Digital Minefield

Why The Machines Are Winning

Business Is Bad


If you’ve owned a computer over the past ten years, you’re aware of the erosion of your control. Most of this is unwanted, much of it is unwarranted, and some is of questionable legality.

In the years B.C. (Before Cable), we complained about too much advertising on television. We accepted it then because the programs were free. We have far more programs now (for which we pay) and yet there’s more advertising. There’s even advertising at the movies we also pay for, and any place else it can be insinuated.

But there’s a difference. We choose to watch TV or go to the movies. We choose to do so and it’s our choice to deal with the advertising. Using your computer is different. We buy the computer, and its software, to do our bidding. It’s a personal possession used for personal ends.

However, every company represented on that computer assumes the right to exploit that connection. They claim it’s necessary because of competition—which has multiplied due to these very same connections. Each company seems oblivious to the obvious: customers are drowning in the clamor for their focus. They continue to do so despite inevitable diminishing returns—and increased customer resistance.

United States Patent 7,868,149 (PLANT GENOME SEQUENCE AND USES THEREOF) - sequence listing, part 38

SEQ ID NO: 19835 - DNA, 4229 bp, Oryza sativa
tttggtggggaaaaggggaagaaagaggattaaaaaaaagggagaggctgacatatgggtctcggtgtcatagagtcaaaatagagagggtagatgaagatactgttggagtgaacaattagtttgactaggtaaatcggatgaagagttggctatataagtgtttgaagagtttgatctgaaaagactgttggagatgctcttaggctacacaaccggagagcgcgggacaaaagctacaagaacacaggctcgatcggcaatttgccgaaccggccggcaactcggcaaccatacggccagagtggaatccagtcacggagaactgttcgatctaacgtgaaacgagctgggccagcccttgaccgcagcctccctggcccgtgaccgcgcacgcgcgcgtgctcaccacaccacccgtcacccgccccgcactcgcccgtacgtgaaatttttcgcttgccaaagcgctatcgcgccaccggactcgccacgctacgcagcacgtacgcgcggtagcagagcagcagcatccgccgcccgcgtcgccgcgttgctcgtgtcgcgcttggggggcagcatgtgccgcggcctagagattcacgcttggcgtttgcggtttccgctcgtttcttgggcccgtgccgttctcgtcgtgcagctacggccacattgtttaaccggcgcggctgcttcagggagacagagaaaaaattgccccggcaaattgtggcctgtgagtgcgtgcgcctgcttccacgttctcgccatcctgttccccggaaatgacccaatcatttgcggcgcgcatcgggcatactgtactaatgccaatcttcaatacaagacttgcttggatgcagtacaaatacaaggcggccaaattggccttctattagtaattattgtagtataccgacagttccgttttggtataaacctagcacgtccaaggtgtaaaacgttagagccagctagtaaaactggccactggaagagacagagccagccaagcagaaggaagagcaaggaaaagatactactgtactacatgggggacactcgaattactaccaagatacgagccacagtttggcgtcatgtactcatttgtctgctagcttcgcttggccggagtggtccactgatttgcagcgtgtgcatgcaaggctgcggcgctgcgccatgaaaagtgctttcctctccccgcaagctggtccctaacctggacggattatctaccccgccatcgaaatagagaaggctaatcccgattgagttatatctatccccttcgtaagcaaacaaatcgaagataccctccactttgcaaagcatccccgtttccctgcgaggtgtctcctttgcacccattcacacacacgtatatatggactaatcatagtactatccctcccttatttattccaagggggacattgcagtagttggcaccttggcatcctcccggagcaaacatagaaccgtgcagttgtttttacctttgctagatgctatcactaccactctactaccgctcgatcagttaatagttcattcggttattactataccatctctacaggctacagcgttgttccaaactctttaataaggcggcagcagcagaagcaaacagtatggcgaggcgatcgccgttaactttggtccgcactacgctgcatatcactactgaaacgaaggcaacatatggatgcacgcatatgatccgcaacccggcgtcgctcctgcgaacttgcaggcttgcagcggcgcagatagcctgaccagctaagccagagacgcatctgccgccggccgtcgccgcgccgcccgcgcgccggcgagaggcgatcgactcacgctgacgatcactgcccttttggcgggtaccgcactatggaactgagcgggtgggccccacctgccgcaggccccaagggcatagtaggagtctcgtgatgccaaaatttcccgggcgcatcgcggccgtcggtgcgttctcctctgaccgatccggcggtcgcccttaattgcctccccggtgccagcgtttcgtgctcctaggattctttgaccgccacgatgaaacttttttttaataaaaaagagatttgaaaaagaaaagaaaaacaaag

In our digital world, this invasive foot-in-every-door approach goes beyond personal computers. You’ve seen the ads: cars with computer-based infotainment for the driver. Once, a car’s gauges and dials were there to help, but more and more electronics are nattering for the driver’s attention.

This pervasive adversarial relationship is in direct opposition to Peter Drucker’s maxim that a company’s first job is to get and keep customers. When asked in his last years why he no longer consulted for industry, the great management guru said, “They stopped listening.” With this kind of bad business, it’s little wonder our economy keeps stumbling.

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